“Many studies have shown that higher adherence to the MedDiet, leads to lower risk for coronary disease, cancer, dementia and Alzheimer’s,” she told Olive Oil Times. “In my opinion, the MedDiet is a healthy dietary pattern that can be used in Greece to promote the citizens’ health, and even prevent various diseases, given the availability of the staple Mediterranean food and its direct connection with the tradition and the culture of our country.”
In 2013, the MedDiet was named as a UNESCO Intangible Cultural Heritage of Humanity for both its health benefits and its cultural importance to the Mediterranean region.
In spite of all this, Yannakoulia remains skeptical about the long-term adherence of consumers in Greece to the MedDiet.
“It is a question of how much we have moved away from the MedDiet,” she said. “No easy answer exists, considering that eating habits change over time, as do societies.”
“Basic elements of the MedDiet continue to exist in the dietary patterns of people in Greece, such as the everyday use of olive oil and the frequent consumption of fruits, veggies, legumes and grains,” she added. “On the other hand, many people in Greece nowadays have started to consume more meat and processed food.”
However, on the other side of the Atlantic, Lizzy Freier believes the Mediterranean diet will continue to gain popularity with younger consumers. Freier works at Technomic, a foodservice research and consulting company in Chicago, and said that the diet is linked to many current healthy eating trends.
“These health trends include the growth of vegetable-forward diets and a focus on unprocessed foods — both of which are core attributes of Mediterranean fare,” she told Olive Oil Times. “Emphasizing health benefits of Mediterranean items especially appeal to younger consumers who are conscientious, are increasingly changing their diets to limit animal products and are looking to include more natural foods.”
There aren’t any strict rules, instead it’s based on a set of guidelines such as including more fruits, vegetables, whole grains, legumes, beans and nuts.
Freier cited some market research statistics to back up her observation and said that 42 percent of consumers have tried and liked Mediterranean cuisine. An additional 37 percent have not yet tried a Mediterranean eating plan, but would like to do so.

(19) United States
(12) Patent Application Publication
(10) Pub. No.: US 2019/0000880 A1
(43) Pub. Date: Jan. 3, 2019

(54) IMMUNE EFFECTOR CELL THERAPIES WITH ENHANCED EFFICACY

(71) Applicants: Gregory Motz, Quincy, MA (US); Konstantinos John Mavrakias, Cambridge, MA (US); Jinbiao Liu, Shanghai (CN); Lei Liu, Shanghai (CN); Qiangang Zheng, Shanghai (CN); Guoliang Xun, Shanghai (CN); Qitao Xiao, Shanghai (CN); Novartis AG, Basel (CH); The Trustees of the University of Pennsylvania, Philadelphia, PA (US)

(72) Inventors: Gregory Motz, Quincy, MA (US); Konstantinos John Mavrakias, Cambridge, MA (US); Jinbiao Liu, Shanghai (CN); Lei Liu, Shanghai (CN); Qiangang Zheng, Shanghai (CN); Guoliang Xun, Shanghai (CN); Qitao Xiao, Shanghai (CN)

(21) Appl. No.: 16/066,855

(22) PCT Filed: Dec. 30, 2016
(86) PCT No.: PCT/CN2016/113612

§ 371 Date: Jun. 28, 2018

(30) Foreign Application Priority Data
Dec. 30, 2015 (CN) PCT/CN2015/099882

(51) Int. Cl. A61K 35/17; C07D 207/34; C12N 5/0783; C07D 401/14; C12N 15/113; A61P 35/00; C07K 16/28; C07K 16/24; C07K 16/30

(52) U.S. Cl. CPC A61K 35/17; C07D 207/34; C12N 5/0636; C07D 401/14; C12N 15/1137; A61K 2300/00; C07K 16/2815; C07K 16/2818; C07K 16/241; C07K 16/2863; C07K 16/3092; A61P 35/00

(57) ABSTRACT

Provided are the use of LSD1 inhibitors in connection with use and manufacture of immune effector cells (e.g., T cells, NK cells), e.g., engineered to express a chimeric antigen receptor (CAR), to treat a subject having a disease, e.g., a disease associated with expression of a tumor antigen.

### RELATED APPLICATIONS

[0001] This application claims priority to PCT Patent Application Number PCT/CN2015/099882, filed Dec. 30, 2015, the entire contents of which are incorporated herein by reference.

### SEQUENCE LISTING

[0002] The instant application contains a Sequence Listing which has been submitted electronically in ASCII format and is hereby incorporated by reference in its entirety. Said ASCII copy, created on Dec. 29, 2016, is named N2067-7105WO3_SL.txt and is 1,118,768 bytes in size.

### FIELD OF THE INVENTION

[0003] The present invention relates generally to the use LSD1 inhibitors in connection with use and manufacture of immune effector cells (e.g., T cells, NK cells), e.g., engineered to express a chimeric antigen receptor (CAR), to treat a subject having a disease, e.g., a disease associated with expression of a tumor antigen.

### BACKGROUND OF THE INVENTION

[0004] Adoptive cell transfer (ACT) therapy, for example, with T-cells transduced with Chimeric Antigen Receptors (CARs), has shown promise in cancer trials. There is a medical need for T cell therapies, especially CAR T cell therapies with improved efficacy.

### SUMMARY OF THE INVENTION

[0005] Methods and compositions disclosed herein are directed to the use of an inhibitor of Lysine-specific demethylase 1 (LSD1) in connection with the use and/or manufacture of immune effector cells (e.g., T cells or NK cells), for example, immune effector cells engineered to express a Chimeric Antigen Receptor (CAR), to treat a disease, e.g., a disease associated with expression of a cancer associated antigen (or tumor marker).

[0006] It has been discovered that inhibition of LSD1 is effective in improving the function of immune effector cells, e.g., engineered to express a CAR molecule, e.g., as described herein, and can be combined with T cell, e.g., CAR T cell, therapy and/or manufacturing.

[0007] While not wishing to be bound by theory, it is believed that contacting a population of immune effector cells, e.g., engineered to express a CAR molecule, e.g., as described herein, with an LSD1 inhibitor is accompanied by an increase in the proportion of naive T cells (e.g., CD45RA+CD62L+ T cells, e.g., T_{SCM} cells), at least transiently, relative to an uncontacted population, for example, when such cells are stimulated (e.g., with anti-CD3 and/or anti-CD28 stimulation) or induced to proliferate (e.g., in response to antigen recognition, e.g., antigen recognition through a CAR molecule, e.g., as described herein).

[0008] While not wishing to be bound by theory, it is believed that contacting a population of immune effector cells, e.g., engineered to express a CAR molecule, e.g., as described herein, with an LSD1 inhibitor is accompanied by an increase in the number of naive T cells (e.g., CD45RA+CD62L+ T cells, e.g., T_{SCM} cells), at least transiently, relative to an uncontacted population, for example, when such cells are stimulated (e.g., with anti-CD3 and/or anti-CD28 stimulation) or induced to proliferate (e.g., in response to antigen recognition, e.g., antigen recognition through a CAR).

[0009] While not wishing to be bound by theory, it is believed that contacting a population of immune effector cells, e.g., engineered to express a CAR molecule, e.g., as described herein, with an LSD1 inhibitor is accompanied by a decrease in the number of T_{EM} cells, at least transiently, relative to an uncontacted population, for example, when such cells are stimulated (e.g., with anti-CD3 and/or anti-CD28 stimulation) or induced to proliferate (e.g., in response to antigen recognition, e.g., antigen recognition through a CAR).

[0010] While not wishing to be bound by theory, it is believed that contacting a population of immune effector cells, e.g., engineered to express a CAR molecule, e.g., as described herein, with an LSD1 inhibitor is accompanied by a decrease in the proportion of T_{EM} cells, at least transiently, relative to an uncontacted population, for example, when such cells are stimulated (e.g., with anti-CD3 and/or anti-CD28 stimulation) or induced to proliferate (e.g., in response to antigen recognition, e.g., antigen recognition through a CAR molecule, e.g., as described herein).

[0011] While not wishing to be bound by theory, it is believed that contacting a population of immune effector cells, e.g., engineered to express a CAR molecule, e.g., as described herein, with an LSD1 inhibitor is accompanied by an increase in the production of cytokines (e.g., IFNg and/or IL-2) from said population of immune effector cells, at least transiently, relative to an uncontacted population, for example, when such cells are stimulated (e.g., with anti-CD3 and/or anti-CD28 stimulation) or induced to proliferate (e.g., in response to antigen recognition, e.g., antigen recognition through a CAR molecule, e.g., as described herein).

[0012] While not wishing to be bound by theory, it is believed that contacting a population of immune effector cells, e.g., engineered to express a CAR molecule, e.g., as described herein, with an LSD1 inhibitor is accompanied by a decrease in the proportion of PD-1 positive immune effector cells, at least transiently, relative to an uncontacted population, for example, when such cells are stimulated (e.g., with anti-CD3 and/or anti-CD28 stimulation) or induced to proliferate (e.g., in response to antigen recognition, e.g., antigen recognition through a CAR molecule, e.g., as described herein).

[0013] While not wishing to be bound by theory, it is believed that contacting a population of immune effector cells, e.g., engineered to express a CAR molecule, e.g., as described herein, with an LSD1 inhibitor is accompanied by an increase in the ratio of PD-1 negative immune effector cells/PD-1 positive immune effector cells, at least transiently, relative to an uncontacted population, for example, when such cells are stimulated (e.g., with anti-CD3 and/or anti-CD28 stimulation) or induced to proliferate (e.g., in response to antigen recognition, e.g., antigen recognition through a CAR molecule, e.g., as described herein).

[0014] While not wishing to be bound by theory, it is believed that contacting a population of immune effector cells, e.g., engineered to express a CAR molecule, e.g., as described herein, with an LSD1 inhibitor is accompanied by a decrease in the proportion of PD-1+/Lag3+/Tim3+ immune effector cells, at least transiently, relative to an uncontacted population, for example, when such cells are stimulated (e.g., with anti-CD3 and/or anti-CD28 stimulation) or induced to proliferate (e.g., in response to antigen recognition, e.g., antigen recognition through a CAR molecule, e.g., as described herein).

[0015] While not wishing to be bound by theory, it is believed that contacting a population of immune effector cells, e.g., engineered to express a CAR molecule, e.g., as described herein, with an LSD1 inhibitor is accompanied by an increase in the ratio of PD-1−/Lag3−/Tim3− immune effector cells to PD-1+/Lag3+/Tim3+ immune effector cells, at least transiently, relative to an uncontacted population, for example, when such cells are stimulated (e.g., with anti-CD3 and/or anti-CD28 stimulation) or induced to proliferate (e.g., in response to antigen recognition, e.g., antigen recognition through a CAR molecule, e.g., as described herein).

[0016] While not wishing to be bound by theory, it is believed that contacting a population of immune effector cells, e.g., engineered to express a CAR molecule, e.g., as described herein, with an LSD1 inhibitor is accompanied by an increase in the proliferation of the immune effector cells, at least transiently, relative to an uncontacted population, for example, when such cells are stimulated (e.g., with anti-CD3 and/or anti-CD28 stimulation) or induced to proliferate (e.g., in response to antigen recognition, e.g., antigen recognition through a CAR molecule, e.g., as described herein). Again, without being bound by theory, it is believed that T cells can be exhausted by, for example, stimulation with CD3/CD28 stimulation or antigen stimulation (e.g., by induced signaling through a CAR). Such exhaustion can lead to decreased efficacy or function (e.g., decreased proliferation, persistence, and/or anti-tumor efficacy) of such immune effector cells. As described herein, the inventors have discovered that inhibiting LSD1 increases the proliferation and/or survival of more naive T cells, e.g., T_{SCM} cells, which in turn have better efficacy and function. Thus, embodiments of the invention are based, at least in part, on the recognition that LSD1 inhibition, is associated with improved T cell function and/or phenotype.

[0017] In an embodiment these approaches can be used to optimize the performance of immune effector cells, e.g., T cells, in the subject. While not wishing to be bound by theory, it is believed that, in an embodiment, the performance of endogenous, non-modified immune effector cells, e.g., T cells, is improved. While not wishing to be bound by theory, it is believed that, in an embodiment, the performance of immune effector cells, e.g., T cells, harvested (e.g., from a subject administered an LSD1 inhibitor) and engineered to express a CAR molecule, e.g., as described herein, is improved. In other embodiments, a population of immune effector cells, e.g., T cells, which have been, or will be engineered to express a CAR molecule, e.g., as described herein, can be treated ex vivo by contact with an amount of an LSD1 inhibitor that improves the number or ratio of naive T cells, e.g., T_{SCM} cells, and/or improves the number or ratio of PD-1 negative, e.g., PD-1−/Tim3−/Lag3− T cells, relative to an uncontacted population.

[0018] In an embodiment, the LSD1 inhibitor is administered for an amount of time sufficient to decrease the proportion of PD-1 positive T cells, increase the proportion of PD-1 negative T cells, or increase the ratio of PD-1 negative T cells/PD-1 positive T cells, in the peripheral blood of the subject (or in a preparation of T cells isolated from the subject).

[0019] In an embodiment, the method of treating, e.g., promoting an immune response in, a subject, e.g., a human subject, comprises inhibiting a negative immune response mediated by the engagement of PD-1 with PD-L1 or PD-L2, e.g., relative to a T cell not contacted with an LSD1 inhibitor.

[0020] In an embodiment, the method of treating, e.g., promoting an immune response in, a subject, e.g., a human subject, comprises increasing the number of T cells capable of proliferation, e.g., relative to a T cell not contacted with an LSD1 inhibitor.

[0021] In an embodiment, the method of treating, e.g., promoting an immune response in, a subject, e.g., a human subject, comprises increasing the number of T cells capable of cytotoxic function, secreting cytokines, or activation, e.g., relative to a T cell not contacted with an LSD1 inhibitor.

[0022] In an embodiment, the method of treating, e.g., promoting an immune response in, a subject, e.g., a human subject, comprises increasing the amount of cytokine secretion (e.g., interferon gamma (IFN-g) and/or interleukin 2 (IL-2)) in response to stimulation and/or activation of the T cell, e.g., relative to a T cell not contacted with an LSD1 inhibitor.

“As health and diets evolve and consumption of ethnic food continues to expand, the Mediterranean diet is poised to grow as a popular cuisine that appeals to diners with flavorful, healthy dishes,” Freier said.
Brynn McDowell, an American dietician and blogger, agrees that the Mediterranean diet is likely to continue growing in popularity in the U.S. She said the flexibility of the diet plays a big part in making it an easy eating plan to follow.
“There aren’t any strict rules, instead it’s based on a set of guidelines such as including more fruits, vegetables, whole grains, legumes, beans and nuts,” she told Olive Oil Times. “Emphasis is placed on what you should add to your diet for health. While some foods, such as red meat and sugary desserts and pastries, are recommended to be enjoyed in moderation, they aren’t forbidden. This makes the Mediterranean diet easily customizable to your lifestyle.”
McDowell sees this flexibility as a way to prevent consumers from getting frustrated by the limitations of the diet, which is one of the key reasons why people find more strict diets harder to follow.
“I feel like people are starting to get frustrated with the newest fad or restrictive diet and instead, getting back to falling in love with good food and healthy, fresh ingredients again, which is what the Mediterranean diet is all about,” she said. “It’s my opinion that the Mediterranean diet is here and popular for the long haul.”
The Mediterranean diet has been selected as the best diet of 2020 by the U.S. News and World Report. It was the third consecutive year that the eating plan was selected as the top diet.